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Is it ever safe to vote strategically?

Listed author(s):
  • Arkadii Slinko


  • Shaun White


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    There are many situations in which mis-coordinated strategic voting can leave strategic voters worse off than they would have been had they not tried to strategise. We analyse the simplest of such scenarios, in which a set of strategic voters all have the same sincere preferences and all contemplate casting the same strategic vote, while all other voters are not strategic. Most mis-coordinations in this framework can be classified as instances of either strategic overshooting (too many voted strategically) or strategic undershooting (too few). If mis-coordination can result in strategic voters ending up worse off than they would have been had they all just voted sincerely, we call the strategic vote unsafe. We show that under every onto and non-dictatorial social choice rule there exist circumstances where a voter has an incentive to cast a safe strategic vote. We extend the Gibbard–Satterthwaite Theorem by proving that every onto and non-dictatorial social choice rule can be individually manipulated by a voter casting a safe strategic vote. Copyright Springer-Verlag Berlin Heidelberg 2014

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    Article provided by Springer & The Society for Social Choice and Welfare in its journal Social Choice and Welfare.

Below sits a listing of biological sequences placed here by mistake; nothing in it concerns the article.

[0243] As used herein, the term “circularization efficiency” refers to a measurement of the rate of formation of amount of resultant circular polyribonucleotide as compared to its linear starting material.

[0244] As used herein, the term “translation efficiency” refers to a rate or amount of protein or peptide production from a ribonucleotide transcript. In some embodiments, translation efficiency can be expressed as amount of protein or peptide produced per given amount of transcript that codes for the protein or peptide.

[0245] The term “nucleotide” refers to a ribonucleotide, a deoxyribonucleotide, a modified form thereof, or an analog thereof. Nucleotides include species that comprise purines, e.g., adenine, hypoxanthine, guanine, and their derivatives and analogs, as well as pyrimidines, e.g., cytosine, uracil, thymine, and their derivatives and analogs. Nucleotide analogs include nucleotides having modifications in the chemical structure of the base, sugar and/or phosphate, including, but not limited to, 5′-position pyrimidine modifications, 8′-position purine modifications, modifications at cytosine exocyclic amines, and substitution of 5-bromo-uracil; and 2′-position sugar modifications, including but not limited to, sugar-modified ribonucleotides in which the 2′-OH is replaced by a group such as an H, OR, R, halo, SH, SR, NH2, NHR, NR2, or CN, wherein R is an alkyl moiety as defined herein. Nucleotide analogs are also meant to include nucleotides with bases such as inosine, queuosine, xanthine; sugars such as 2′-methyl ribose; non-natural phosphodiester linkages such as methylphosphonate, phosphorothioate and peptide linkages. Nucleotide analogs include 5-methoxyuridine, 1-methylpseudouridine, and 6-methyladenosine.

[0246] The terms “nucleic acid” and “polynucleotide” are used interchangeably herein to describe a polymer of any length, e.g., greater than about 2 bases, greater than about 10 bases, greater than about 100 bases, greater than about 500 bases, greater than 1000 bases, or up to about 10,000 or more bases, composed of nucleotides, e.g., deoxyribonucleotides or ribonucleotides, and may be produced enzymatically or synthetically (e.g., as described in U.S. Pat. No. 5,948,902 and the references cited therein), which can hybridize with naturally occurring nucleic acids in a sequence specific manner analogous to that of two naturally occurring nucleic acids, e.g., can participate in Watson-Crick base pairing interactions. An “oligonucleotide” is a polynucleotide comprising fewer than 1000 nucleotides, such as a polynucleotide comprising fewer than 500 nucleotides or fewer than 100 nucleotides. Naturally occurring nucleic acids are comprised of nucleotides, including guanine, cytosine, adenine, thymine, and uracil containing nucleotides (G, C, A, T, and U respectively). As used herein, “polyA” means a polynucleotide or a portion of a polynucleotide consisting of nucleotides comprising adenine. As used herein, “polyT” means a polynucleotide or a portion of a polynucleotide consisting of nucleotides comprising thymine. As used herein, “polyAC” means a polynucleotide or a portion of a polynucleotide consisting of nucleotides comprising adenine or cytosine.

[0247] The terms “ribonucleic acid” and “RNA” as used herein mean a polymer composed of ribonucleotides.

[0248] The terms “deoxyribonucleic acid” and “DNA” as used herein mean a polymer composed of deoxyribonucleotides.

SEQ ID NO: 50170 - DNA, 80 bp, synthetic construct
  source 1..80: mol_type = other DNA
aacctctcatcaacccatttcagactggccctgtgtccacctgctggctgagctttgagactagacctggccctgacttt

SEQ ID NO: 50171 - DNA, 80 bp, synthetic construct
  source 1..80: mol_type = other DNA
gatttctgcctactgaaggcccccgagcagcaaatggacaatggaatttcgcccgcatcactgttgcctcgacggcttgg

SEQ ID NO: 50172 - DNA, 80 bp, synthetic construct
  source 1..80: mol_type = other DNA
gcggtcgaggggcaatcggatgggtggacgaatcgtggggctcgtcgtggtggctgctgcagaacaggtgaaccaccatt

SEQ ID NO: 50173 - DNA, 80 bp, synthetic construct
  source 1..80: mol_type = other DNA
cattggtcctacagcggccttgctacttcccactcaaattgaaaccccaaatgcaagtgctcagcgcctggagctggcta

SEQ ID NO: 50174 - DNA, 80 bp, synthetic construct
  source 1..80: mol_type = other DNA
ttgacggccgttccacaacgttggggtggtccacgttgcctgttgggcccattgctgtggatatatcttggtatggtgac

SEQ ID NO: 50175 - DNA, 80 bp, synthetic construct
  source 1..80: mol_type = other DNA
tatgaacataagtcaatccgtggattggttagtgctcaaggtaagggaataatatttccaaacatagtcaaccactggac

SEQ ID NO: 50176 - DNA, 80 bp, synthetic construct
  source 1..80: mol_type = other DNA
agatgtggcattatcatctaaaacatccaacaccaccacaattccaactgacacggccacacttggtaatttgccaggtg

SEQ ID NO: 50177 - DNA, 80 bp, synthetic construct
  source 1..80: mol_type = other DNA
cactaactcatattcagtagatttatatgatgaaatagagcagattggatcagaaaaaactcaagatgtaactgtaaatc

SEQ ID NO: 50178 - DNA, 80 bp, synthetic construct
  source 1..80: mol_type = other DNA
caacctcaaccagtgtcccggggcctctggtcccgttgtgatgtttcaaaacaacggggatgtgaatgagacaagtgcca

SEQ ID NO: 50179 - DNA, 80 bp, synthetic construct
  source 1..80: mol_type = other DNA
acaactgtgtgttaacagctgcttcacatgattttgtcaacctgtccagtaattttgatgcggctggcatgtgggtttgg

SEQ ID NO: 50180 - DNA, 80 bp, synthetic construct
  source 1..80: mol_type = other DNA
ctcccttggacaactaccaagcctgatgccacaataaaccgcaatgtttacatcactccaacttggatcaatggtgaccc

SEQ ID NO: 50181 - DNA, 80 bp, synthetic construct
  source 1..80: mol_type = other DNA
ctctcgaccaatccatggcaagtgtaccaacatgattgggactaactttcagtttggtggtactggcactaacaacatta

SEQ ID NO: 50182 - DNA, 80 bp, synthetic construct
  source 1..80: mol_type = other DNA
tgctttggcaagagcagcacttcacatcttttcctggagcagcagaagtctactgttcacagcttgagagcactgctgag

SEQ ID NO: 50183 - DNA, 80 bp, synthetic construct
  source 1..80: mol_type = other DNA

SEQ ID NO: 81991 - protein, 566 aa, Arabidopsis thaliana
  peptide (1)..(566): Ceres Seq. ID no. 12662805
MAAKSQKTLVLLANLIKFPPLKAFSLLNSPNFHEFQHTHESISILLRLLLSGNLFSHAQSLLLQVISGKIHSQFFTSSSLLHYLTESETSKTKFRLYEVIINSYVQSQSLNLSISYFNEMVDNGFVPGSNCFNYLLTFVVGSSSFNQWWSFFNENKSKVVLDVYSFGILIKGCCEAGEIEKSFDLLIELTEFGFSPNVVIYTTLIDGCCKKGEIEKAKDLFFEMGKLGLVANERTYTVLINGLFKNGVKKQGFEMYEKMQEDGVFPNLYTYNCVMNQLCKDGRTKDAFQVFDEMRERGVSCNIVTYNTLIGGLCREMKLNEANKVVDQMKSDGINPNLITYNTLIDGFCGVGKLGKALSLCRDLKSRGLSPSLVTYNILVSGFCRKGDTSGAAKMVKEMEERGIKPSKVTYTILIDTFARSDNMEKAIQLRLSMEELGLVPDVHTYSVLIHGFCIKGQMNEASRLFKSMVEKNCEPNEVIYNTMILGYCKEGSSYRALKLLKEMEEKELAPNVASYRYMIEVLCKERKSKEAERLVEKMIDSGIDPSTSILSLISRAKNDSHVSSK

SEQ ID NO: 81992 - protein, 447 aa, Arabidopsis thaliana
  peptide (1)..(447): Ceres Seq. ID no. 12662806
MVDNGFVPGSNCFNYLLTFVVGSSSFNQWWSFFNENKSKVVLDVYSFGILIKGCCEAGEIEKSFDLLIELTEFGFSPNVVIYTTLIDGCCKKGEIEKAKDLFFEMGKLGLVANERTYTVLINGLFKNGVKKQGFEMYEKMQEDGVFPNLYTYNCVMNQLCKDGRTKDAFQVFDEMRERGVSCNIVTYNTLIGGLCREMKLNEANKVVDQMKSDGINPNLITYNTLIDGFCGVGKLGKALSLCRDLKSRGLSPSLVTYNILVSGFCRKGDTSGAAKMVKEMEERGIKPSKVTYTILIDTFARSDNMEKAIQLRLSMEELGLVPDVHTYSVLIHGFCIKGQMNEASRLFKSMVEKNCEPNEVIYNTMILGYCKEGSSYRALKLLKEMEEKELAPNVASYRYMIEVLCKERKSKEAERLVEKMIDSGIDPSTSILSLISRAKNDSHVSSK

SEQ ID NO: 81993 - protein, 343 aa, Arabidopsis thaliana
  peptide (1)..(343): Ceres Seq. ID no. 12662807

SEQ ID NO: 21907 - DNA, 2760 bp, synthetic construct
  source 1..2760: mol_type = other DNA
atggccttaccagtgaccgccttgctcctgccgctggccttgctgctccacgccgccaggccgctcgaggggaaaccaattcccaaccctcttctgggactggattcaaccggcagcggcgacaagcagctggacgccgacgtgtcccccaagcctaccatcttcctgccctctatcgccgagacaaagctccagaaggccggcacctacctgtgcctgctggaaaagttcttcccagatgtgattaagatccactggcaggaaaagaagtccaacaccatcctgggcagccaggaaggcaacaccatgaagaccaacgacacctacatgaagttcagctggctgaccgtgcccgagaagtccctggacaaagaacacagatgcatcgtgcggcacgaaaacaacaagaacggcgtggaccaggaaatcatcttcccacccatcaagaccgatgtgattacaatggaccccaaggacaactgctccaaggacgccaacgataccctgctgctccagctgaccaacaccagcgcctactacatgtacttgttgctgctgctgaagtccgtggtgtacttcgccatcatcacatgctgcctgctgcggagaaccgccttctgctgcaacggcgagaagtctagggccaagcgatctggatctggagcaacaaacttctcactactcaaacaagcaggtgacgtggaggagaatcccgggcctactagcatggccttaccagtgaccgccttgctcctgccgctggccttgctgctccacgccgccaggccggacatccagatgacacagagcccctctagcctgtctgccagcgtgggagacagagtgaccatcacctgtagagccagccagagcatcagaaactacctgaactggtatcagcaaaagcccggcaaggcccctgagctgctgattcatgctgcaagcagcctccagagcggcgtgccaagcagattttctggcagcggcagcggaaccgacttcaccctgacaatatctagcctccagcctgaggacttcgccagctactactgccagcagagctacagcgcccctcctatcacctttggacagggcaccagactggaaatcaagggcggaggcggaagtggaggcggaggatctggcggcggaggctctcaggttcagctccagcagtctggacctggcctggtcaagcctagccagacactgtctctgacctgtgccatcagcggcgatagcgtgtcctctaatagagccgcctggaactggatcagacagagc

Volume (Year): 43 (2014)
    Issue (Month): 2 (August)
    Pages: 403-427

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    Handle: RePEc:spr:sochwe:v:43:y:2014:i:2:p:403-427
    DOI: 10.1007/s00355-013-0785-4
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    1. Satterthwaite, Mark Allen, 1975. "Strategy-proofness and Arrow's conditions: Existence and correspondence theorems for voting procedures and social welfare functions," Journal of Economic Theory, Elsevier, vol. 10(2), pages 187-217, April.
    2. Slinko, Arkadii, 2004. "How large should a coalition be to manipulate an election?," Mathematical Social Sciences, Elsevier, vol. 47(3), pages 289-293, May.
    3. Pattanaik, Prasanta K., 1973. "On the stability of sincere voting situations," Journal of Economic Theory, Elsevier, vol. 6(6), pages 558-574, December.
    4. Pritchard, Geoffrey & Wilson, Mark C., 2009. "Asymptotics of the minimum manipulating coalition size for positional voting rules under impartial culture behaviour," Mathematical Social Sciences, Elsevier, vol. 58(1), pages 35-57, July.
    5. Arkadii Slinko & Shaun White, 2010. "Proportional Representation and Strategic Voters," Journal of Theoretical Politics, , vol. 22(3), pages 301-332, July.
    6. Prasanta K. Pattanaik, 1976. "Counter-threats and Strategic Manipulation under Voting Schemes," Review of Economic Studies, Oxford University Press, vol. 43(1), pages 11-18.
    7. Arkadii Slinko, 2006. "How the size of a coalition affects its chances to influence an election," Social Choice and Welfare, Springer;The Society for Social Choice and Welfare, vol. 26(1), pages 143-153, January.
    8. Gibbard, Allan, 1973. "Manipulation of Voting Schemes: A General Result," Econometrica, Econometric Society, vol. 41(4), pages 587-601, July.
    9. Pattanaik, Prasanta K, 1976. "Threats, Counter-Threats, and Strategic Voting," Econometrica, Econometric Society, vol. 44(1), pages 91-103, January.
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